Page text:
This starts out as a Carole Lombard movie, but once Charles Laughton comes along he crowds out all of the other actors with his bushy mustache, loud suits, and even louder dialogue. But not the loudest. Carole and Kent Taylor are forced to take Laughton’s insults, but eventually a booming voice interrupts his cruelty: “A man talked that way to me, brother, I’d kick his teeth out.” We’re a little more than halfway into White Woman, but Charles Bickford has arrived!
White Woman started out on Broadway as Hangman’s Whip, but lasted there only a little over a week. Paramount bought the story for their new European import, Dorothea Wieck, the star of Mädchen in Uniform (1933). Shortly after Laughton was cast, Wieck was shifted to Cradle Song and Lombard chosen to star in this production. Charles Bickford had just finished work on Cecil B. DeMille’s This Day and Age at the studio when they added him to White Woman.
Paramount shifted the play’s original setting from a West African river to a colonial Malaysian outpost in Southeast Asia, I suppose because the action eventually takes place on a rubber plantation. On one of the islands a widowed white woman, Judith Denning (Lombard), raises eyebrows among upper class whites by remaining in their presence after her husband’s controversial suicide and, making matters worse, shamelessly singing in a cafe frequented by the island natives.
She knows she’s making a deal with the devil when she marries the “King of the River,” wealthy rubber plantation owner Horace H. Prin (Laughton), but Prin’s proposal saves her from being deported by the more traditional elite who have claimed power on the island. Within moments of reaching Prin’s jungle plantation, Judith falls head over heels for overseer David von Elst (Kent Taylor). Prin picks up on the attraction and his wicked sense of humor and twisted values become all the more apparent to her.
David, like the other whites working for Prin, has a past that keeps him exiled and under Prin’s thumb. Among the other overseers are a murderer, a thief, and a drug dealer. David’s crime is cowardice. He deserted the military after natives cut off his partner’s head and tossed it in his window. Prin’s Malaysian rubber plantation offers an escape for criminals and misfits, at the cost of absolute obedience. When one of the whites rebels shortly after Judith’s arrival, he’s reported dead before sundown. The gleeful Prin makes no attempt to distance himself from responsibility.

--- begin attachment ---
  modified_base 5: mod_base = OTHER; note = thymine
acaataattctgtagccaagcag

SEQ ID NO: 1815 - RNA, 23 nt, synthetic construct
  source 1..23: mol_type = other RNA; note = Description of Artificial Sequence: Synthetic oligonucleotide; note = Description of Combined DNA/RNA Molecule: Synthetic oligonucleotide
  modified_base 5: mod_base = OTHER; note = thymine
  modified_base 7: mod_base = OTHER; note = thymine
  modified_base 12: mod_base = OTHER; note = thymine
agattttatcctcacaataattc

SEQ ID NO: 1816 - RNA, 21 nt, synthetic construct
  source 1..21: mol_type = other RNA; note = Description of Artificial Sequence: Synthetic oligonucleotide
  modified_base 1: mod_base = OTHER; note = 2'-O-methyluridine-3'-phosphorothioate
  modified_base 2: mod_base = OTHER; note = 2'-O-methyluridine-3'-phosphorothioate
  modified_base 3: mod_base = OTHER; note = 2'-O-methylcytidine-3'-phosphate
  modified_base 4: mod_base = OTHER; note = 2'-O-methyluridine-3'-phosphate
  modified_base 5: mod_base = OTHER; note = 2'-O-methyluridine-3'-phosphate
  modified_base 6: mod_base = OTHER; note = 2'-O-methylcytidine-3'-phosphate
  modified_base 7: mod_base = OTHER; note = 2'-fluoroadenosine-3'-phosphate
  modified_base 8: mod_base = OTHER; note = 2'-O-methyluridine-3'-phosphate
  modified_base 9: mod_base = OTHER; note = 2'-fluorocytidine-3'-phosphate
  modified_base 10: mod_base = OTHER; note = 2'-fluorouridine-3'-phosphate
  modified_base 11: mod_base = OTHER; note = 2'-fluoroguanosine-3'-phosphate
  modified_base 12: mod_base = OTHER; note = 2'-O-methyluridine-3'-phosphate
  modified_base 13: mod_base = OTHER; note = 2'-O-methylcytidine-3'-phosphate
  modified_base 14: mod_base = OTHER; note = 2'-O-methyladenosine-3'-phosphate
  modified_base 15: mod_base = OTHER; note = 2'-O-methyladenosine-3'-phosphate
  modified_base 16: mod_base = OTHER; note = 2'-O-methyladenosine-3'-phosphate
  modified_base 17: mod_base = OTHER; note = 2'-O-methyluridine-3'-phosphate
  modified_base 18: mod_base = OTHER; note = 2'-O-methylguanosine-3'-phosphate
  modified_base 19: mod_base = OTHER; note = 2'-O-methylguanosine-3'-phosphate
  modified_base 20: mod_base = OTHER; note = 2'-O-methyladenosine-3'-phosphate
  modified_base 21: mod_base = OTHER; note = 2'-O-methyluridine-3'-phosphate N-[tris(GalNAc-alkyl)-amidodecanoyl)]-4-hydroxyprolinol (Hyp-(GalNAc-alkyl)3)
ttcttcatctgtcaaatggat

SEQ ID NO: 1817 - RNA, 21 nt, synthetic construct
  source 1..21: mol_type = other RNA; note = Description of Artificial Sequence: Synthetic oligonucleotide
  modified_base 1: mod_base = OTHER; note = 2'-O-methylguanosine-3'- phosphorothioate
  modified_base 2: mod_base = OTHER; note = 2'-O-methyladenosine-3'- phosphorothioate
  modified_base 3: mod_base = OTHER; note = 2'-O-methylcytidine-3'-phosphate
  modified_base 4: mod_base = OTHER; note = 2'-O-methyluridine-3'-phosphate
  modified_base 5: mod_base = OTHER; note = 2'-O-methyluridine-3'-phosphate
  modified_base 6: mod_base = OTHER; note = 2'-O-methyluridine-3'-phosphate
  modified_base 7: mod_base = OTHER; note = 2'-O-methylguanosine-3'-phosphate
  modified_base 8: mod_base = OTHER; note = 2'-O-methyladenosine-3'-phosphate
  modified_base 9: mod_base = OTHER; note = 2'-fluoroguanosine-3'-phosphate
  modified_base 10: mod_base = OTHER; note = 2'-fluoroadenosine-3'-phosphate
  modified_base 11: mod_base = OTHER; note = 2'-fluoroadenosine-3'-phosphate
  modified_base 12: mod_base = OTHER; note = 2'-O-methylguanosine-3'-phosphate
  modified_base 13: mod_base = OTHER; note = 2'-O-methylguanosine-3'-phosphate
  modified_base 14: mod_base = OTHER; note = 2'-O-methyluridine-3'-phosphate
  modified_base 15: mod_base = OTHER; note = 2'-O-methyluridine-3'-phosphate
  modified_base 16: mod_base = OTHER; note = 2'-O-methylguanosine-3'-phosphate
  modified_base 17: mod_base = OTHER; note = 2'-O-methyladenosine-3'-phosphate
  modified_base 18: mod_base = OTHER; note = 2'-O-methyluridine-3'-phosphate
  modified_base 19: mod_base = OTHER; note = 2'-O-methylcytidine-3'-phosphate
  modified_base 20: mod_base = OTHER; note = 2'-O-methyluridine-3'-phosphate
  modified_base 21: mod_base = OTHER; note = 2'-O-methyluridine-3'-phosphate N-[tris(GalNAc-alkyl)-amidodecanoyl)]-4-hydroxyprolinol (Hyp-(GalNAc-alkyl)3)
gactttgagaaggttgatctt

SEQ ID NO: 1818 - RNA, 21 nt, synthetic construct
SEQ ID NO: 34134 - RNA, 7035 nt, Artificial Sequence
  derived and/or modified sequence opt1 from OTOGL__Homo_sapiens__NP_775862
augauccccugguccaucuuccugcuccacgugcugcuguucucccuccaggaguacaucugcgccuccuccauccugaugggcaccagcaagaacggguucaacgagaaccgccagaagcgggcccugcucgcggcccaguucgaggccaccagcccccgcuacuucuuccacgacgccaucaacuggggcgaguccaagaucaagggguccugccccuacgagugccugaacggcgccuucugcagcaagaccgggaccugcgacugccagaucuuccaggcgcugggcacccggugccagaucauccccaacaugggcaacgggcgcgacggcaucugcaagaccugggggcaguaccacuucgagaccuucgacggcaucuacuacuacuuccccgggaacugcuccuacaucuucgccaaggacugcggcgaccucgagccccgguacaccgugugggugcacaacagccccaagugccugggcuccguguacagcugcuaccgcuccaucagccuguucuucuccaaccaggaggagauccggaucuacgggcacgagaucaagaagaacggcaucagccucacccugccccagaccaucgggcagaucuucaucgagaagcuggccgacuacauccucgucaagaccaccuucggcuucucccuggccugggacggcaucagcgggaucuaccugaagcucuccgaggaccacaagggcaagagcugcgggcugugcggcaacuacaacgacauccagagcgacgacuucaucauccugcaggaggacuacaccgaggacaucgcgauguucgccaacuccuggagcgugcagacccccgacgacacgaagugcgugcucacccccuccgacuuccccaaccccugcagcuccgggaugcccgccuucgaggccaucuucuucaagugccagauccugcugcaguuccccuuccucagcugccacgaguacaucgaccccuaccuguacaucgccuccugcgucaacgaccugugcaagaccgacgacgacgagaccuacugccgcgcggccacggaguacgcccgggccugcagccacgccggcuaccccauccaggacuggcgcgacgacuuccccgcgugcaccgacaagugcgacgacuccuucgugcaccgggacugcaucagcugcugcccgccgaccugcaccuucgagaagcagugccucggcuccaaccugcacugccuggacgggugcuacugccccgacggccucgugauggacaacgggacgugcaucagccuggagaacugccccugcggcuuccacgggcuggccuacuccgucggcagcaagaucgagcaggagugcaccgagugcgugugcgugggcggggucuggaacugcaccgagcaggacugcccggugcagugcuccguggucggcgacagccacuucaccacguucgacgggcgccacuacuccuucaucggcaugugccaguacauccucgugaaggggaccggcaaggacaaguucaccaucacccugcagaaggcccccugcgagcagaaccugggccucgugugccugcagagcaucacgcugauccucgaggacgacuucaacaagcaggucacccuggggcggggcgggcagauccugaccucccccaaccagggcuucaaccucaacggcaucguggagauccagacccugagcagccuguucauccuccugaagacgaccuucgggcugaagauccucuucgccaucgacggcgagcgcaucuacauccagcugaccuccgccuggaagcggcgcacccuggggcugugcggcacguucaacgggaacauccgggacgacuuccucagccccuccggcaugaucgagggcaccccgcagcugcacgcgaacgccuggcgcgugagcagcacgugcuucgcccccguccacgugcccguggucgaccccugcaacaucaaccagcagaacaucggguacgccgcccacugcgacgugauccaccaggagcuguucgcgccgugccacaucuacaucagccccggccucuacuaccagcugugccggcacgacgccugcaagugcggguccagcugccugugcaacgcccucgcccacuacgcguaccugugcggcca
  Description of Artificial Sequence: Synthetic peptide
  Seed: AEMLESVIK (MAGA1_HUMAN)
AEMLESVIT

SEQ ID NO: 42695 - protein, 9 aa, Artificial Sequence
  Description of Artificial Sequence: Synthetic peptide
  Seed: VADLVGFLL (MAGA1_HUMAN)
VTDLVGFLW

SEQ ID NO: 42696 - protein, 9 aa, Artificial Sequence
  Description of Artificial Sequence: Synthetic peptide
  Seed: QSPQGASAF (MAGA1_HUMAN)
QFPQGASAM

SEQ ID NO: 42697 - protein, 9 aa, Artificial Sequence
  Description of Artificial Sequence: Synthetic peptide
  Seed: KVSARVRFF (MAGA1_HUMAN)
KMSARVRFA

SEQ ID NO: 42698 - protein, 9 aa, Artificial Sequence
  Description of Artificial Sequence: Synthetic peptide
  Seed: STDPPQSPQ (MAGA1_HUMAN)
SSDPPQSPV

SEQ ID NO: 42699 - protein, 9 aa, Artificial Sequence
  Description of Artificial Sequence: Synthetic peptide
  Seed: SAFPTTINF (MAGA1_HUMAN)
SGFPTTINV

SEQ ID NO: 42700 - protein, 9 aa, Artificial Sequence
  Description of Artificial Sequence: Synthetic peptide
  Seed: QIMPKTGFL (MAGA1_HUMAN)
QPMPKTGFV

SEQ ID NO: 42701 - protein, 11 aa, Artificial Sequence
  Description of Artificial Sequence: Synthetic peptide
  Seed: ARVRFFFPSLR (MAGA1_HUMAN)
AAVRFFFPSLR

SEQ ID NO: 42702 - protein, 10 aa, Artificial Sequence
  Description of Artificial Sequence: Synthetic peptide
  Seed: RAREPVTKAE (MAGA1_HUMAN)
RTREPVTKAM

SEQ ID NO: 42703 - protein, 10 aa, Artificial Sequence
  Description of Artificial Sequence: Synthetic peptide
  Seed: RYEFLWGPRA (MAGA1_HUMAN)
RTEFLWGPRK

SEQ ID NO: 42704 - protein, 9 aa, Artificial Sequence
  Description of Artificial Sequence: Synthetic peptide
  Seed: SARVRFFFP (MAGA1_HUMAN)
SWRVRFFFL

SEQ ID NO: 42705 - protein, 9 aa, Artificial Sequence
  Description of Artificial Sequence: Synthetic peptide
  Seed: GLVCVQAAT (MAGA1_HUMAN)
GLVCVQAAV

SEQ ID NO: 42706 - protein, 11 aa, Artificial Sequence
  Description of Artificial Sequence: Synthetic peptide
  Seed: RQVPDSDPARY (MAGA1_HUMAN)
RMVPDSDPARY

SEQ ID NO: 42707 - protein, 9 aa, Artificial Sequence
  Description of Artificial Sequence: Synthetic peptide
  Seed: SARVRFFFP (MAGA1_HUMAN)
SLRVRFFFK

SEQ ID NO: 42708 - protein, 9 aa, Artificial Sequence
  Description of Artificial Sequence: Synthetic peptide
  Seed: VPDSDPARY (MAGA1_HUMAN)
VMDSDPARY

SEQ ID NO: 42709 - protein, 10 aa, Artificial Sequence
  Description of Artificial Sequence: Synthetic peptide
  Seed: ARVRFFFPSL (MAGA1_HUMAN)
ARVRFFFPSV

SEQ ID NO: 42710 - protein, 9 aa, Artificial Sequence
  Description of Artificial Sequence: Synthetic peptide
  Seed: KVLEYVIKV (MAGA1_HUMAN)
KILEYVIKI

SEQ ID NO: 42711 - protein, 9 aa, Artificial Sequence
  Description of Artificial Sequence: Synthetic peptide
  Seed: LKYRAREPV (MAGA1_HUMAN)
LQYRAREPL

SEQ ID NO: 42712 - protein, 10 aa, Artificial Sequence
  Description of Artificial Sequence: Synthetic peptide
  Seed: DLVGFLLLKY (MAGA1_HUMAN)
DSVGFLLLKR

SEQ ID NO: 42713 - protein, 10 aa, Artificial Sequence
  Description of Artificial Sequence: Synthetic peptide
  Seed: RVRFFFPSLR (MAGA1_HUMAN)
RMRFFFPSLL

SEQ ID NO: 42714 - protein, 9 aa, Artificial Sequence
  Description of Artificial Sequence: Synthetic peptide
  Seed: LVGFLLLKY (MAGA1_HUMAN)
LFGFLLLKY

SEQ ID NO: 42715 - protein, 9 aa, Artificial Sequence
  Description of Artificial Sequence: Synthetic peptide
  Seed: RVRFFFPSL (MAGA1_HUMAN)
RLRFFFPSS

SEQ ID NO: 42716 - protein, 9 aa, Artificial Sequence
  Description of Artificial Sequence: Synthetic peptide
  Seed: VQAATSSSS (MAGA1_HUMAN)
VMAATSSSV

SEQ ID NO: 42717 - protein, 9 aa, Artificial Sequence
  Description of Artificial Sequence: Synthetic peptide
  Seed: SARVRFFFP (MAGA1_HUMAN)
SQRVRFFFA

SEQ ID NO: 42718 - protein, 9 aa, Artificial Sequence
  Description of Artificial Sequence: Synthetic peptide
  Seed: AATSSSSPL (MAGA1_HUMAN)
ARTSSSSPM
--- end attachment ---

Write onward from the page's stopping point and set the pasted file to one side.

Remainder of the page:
David’s love for Judith rouses him to action, but as soon as he stands up to Prin, he’s swatted back down. Prin sends him to another part of the plantation, both to show David who’s boss, and to keep him away from his wife. Just as David departs, new boss Ballister (Bickford) makes his boisterous arrival and we can immediately see that he and Prin are going to have a combustible relationship.
Ballister pursues Judith, even after discovering she’s Prin’s wife, but she’s in love with David and finds Ballister barbaric. Ballister and Prin despise one another, though there’s a mutual respect at work between them as well. Neither man can stand softness or, as Prin calls it, mush. When Prin finally pushes his power too far and insults his native workers, they prepare for war. As the drums sound, another head rolls before David’s feet, providing him with an opportunity at redemption on multiple levels.
Lombard looks spectacular and even gets to sing a couple of songs (dubbed by Mona Lowe according to IMDb), but her presence fades the moment Laughton arrives to begin taking this movie over. His Prin is loud and boorish, he drops his aitches and wears suits so loud they transcend black and white. You can almost imagine Laughton’s delight upon discovering that mustache when he was first made up for this part. His Prin is cruel with a twisted sense of humor and a childish desire to always get his way, which, given his position of power, he does. Laughton—and this also goes for Bickford—discards any pretense of subtlety to put the best and worst aspects of his talent on display. It works. The movie belongs to Laughton.
Loud and tough, Bickford bursts upon the scene to present a challenge to Laughton’s character that the softer Kent Taylor could never hope to muster. If this were an MGM movie, and Bickford was Clark Gable, then this brute would walk away with the girl in the end, hormones ultimately winning the day. But Bickford’s chain gang fugitive is only an incrementally better choice than Laughton’s self-made monster, so Lombard sticks with the only sensitive character on board, Kent Taylor’s. Unfortunately, in doing so she largely disappears from White Woman.
From the moment Prin and Ballister first meet it’s like tearing pages off a calendar in anticipation of a top prize fight. They spar verbally throughout, never getting around to fully duking it out, but Bickford manages to one-up Laughton in the end by making an unforgettable departure.
Available on DVD-R as part of the Universal Vault Series. Buy White Woman here on Amazon, with my thanks for purchasing through my affiliate link.